I started down the stairs evidencing my good faith by turning my back on her. I wasn’t worried; she wanted something from me or she wouldn’t have shown herself. She followed at a distance, all the way to Sami’s Burger Bar. I guess she was convinced that I would hear her out, and maybe that was all she wanted. Over coffee so strong that only wooden stirrers could survive its bite, and burgers that had never been any part of a cow, Laetitia said her piece.

‘I didn’t ask to be part of this project. I didn’t volunteer to have my identity stripped from me, and to be renamed for the space station that would be my prison. My psychic gifts were enough to make a living on the cards and still have enough to pay the Chinaman. But then I refused to let some visitors into a game. They were slumming; I knew they didn’t belong with the rest of us. I was wary of them because I thought they’d be sore losers. Unfortunately I was right; they lay in wait for me after the den closed. After they’d finished with me, they brought me in to the project as a probable psychic. You know the rest… the tests, the so-called training, the stripping away of everything you ever were or hoped to be.’

Her voice which had been rising indignantly tailed away and she brushed her short cropped fringe out of her eyes as she looked at me wearily.

‘Doesn’t explain what you’re doing now though, does it?’ I said harshly. ‘If I have to watch while you destroy everyone who’s ever slighted you, I’ll be failing in my job won’t I? And you of all people should know what that will mean.’

‘Isn’t it enough that it’s only the underclasses who get pulled into the project? You, yourself Simeon! Did you choose this path?’

‘I couldn’t afford the military grade replacement arm and legs after the bomb in Afghanistan. The project offered me this chance and I jumped at it. There’s no point in living half a life using NHS prostheses. With these babies, people don’t even know I’m augmented unless I choose to show them.’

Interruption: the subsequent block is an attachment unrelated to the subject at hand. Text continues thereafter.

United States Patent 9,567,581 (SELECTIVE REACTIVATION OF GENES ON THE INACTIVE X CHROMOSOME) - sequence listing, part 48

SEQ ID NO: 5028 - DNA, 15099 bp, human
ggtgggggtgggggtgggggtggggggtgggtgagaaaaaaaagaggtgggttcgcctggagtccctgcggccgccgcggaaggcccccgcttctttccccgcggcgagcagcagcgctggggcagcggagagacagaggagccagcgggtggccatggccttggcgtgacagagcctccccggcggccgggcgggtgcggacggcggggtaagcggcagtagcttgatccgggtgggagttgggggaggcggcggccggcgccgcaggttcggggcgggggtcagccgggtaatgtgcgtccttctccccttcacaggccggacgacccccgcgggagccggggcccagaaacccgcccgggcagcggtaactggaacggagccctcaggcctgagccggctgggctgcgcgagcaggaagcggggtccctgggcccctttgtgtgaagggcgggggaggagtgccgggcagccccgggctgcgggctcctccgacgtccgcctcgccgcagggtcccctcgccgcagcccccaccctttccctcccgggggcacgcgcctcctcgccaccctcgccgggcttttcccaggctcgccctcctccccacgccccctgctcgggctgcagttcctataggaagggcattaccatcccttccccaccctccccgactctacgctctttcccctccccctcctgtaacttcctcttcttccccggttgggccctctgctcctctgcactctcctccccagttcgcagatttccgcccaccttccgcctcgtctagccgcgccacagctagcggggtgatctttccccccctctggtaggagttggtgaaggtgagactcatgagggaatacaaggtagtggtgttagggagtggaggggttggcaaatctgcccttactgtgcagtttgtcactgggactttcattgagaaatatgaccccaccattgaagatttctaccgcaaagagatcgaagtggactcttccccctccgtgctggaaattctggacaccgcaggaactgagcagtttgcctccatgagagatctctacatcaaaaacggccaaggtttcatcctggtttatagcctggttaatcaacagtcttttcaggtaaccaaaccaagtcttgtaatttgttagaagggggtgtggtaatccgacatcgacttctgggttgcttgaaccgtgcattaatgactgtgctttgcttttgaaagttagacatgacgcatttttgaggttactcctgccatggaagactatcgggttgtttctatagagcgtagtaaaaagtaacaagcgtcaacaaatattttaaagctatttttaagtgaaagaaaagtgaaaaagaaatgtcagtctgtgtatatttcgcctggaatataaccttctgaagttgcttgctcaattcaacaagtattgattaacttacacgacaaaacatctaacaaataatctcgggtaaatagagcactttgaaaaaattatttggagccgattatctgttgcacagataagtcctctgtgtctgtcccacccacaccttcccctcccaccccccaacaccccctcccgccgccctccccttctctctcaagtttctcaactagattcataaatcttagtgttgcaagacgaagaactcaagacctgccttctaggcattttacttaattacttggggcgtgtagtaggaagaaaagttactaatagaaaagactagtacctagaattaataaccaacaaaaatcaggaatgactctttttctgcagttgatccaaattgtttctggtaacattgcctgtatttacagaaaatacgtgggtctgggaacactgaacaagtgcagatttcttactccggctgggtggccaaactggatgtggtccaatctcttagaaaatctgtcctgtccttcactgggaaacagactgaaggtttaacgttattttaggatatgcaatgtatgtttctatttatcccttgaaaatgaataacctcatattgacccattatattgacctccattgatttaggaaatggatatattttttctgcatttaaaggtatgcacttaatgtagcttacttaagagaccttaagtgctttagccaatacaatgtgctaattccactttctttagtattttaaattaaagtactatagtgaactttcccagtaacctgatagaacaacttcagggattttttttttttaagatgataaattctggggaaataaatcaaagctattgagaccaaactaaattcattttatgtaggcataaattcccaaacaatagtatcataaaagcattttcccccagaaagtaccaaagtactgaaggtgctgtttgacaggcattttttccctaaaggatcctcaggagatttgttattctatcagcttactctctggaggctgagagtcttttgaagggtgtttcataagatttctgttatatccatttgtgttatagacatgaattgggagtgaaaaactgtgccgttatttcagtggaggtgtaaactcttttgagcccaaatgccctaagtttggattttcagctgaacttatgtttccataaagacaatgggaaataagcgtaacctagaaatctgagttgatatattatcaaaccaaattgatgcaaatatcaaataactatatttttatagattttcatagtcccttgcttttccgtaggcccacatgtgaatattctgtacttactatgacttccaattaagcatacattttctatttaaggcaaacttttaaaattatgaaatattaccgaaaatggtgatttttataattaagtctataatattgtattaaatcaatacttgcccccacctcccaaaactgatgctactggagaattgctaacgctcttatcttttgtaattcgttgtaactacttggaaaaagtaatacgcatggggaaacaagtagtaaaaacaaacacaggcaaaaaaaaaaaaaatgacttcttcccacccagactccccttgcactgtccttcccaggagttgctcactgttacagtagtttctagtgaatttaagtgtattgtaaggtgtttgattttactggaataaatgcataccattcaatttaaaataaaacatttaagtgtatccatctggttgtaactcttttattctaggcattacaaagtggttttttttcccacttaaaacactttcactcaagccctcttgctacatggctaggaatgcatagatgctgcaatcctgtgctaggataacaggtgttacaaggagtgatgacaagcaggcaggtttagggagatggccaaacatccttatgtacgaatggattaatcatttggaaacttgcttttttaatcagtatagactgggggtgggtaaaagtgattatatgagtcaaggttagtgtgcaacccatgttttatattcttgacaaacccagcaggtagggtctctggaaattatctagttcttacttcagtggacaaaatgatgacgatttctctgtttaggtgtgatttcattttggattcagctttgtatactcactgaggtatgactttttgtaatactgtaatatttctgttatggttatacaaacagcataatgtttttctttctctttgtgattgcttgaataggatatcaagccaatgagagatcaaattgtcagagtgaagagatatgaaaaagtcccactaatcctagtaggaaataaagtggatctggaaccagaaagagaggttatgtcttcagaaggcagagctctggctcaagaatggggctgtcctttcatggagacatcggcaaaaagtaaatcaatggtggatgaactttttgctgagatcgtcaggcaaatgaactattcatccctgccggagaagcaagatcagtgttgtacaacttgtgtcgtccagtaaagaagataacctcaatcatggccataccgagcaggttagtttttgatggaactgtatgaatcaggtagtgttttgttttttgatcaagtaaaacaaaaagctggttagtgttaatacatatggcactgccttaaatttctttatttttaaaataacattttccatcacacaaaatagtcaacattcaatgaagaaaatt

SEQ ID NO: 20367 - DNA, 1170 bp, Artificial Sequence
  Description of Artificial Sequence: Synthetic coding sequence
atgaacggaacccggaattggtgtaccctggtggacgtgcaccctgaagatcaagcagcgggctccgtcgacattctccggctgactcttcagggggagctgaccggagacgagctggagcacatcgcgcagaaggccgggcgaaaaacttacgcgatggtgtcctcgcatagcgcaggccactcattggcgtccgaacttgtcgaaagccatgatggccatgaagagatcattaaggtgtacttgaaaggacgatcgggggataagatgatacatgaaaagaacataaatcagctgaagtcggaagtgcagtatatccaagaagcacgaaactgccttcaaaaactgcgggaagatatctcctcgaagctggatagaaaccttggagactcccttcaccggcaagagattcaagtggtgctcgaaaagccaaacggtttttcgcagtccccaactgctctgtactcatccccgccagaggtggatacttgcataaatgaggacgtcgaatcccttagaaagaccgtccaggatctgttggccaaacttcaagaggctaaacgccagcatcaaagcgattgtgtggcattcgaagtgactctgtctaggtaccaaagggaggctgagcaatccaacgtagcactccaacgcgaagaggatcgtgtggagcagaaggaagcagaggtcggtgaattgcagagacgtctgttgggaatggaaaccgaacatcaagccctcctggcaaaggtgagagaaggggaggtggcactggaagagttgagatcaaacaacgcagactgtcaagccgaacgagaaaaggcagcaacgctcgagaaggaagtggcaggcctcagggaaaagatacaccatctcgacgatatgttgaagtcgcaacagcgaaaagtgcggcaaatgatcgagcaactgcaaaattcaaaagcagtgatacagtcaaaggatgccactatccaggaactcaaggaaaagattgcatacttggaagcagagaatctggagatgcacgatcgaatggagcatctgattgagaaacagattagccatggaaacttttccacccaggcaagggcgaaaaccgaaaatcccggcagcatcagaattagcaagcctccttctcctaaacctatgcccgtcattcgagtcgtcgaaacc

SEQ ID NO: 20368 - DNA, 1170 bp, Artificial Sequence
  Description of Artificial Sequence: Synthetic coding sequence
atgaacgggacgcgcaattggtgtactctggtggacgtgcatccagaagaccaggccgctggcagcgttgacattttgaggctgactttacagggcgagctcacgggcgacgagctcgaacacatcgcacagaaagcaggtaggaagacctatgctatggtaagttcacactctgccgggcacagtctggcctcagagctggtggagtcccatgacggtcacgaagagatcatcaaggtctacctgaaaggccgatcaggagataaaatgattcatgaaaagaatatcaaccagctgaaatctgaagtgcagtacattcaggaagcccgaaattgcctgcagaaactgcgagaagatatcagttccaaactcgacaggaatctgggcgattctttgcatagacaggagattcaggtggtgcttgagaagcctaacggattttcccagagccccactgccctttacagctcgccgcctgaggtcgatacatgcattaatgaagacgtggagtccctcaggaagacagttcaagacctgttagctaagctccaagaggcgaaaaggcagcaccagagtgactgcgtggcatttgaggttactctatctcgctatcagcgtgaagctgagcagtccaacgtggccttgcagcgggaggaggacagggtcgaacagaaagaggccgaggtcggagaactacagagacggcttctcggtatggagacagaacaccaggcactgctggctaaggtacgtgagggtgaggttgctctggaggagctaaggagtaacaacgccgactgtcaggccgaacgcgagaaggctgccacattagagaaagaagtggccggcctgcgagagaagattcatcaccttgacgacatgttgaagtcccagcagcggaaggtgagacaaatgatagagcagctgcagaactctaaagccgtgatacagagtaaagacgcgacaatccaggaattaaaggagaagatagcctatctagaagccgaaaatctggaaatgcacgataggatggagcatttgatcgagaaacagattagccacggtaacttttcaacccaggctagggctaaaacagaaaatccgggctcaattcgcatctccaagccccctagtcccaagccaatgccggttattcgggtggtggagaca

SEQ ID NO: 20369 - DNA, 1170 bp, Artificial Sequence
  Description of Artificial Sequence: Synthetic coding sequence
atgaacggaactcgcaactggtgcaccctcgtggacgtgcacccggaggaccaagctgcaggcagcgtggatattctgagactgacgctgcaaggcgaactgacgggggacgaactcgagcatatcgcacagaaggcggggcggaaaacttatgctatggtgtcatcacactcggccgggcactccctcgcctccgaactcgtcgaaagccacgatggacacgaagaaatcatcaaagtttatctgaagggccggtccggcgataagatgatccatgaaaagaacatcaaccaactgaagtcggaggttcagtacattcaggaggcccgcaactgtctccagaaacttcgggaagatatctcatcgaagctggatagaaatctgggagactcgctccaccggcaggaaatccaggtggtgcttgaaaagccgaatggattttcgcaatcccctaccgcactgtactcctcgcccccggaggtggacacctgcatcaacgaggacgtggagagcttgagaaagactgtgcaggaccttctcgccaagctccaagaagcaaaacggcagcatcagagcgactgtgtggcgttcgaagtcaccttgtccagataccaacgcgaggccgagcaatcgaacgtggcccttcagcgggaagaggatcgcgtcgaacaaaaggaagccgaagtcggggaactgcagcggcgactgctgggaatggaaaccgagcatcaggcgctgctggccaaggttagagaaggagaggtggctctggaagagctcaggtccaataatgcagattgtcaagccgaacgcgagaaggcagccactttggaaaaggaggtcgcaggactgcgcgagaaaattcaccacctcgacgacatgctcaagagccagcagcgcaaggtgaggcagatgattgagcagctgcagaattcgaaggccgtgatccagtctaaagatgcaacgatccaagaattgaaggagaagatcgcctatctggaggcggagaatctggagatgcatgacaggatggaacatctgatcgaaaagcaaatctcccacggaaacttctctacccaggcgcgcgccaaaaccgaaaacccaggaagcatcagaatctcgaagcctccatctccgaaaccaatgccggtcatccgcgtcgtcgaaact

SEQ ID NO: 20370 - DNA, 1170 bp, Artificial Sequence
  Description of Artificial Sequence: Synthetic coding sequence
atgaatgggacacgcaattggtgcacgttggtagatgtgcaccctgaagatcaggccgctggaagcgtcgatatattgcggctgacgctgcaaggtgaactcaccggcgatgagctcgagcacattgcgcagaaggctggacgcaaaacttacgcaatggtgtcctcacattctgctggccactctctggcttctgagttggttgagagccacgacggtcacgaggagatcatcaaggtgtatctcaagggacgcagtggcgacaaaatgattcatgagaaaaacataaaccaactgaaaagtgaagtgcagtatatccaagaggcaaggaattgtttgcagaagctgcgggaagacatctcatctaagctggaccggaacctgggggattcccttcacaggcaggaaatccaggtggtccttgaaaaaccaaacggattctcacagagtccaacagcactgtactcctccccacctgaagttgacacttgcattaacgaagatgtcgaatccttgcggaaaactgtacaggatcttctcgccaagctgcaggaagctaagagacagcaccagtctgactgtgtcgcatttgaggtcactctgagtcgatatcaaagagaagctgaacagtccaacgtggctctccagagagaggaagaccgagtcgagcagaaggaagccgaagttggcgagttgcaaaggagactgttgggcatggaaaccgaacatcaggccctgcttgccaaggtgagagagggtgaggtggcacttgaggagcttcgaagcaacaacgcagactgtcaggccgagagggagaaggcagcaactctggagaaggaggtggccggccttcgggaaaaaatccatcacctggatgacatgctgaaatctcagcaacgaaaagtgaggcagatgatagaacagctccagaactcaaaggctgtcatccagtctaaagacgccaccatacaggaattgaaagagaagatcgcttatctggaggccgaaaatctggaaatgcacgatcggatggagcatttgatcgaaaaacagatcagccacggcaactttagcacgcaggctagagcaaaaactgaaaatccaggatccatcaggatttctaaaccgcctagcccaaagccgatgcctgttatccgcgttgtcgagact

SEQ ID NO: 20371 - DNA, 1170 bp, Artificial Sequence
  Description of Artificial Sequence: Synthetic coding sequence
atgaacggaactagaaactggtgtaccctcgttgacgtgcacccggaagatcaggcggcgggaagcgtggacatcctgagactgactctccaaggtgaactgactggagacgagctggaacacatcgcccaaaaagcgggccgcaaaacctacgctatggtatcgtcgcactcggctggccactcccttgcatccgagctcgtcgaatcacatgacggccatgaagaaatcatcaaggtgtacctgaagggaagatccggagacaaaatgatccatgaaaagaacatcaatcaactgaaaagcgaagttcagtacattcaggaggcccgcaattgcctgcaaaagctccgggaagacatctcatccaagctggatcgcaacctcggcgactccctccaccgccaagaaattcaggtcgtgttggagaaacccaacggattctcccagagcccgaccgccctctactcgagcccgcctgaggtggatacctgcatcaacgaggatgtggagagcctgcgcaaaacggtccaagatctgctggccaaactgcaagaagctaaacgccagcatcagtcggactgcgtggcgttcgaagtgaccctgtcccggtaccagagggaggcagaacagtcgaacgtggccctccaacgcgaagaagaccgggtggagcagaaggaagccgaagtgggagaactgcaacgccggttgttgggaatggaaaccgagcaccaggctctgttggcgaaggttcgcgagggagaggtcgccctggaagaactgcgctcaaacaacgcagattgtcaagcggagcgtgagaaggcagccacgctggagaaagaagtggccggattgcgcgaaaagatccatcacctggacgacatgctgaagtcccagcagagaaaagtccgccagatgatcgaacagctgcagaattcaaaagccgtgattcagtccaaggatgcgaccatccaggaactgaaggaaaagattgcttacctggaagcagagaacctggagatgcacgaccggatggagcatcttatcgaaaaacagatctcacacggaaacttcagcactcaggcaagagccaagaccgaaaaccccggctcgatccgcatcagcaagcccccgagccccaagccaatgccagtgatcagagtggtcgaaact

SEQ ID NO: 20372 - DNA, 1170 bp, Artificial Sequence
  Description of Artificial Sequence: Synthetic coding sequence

I glanced around the burger bar then leaned across the table, grasping her chin delicately between my fingers and thumb.

‘Don’t even think of trying to fry me.’ I whispered menacingly. ‘I could snap your neck faster than you could get through my shields. Now, let’s have the rest of it. How do you choose your victims?’

She considered for a moment. I didn’t release my grip. So long as she didn’t move she’d be OK. To the rest of the denizens of the shabby eating house it would look like we were lovers having a slight disagreement and solving it in the time-honoured fashion with the bloke throwing his weight around and the girl giving in.

‘I read my victims before I fry them,’ Laetitia said. ‘I allow anyone with any shred of human decency to return home with just a few missing hours to explain to themselves. I’ve been very careful. I don’t prey on my own class; why would I? Until now I’ve been concentrating on the scientists who think they’re doing a good thing for humanity. They believe the space stations are there for the benefit of us all, that the psychics are all volunteers. I’m gradually removing the ones who subvert the project for their own benefit. If I have enough time…if you allow me enough time, the only scientists who’ll be left will be the ones who do have our interests at heart.’

‘And you think a trail of corpses will be beneficial to the project do you? Your selected scientists won’t even be strong enough to deal with the public outcry let alone go against the will of the project backers. God, I’d have thought a psychic would have more sense! Don’t you know who’s driving this project?’

‘Of course I do! I was saving the pleasure of dealing with Wladinski for last. I want him to see his dreams crumble before his eyes and to know it’s because he wrecked my dreams. He needs to know that I am out there and I will come for him. Tonight’s victim, his lover, Pietro, is Wladinski’s wake-up call. But Pietro had the same chance that I gave the others; I read his mind first. He was happy to cheat on his lover, especially with a woman. Wladinski despises us but Pietro; he had a sneaking admiration for us. He knew that we hadn’t volunteered for the project, but he never stopped to consider why so many of us were female. He never thought or cared that it was because women are less susceptible to burn-out and, if they survive, can be used to breed more psychics.’

‘Tonight was different though wasn’t it? Because he was running from you wasn’t he? He couldn’t have known that the alley was fenced off; that fence only went up a few days ago. But you knew, didn’t you?’ I paused for a moment.

‘You were playing with him like a cat plays with a mouse. You baited the trap, with what – an illusion, hmm? Then you made him run. That doesn’t chime with the scenario you’re trying to sell me.’ She shifted uncomfortably.

‘You’re in this for vengeance aren’t you? Pietro was one of the ones who raped you!’ I concluded triumphantly.

She didn’t answer so I met her gaze. They say you should never look a psychic in the eyes, but courtesy of the labs, I have so many protections laced into my shields that it doesn’t bother me. I knew now that she’d been stringing me along all this time. She was no better than the others who’d run before her. I curled my robotic fingers gently around her neck beginning to squeeze. She rasped out,

‘Oz’s Tin Man didn’t have a heart either!’

She didn’t take long to die. I guess to her it was better than going back.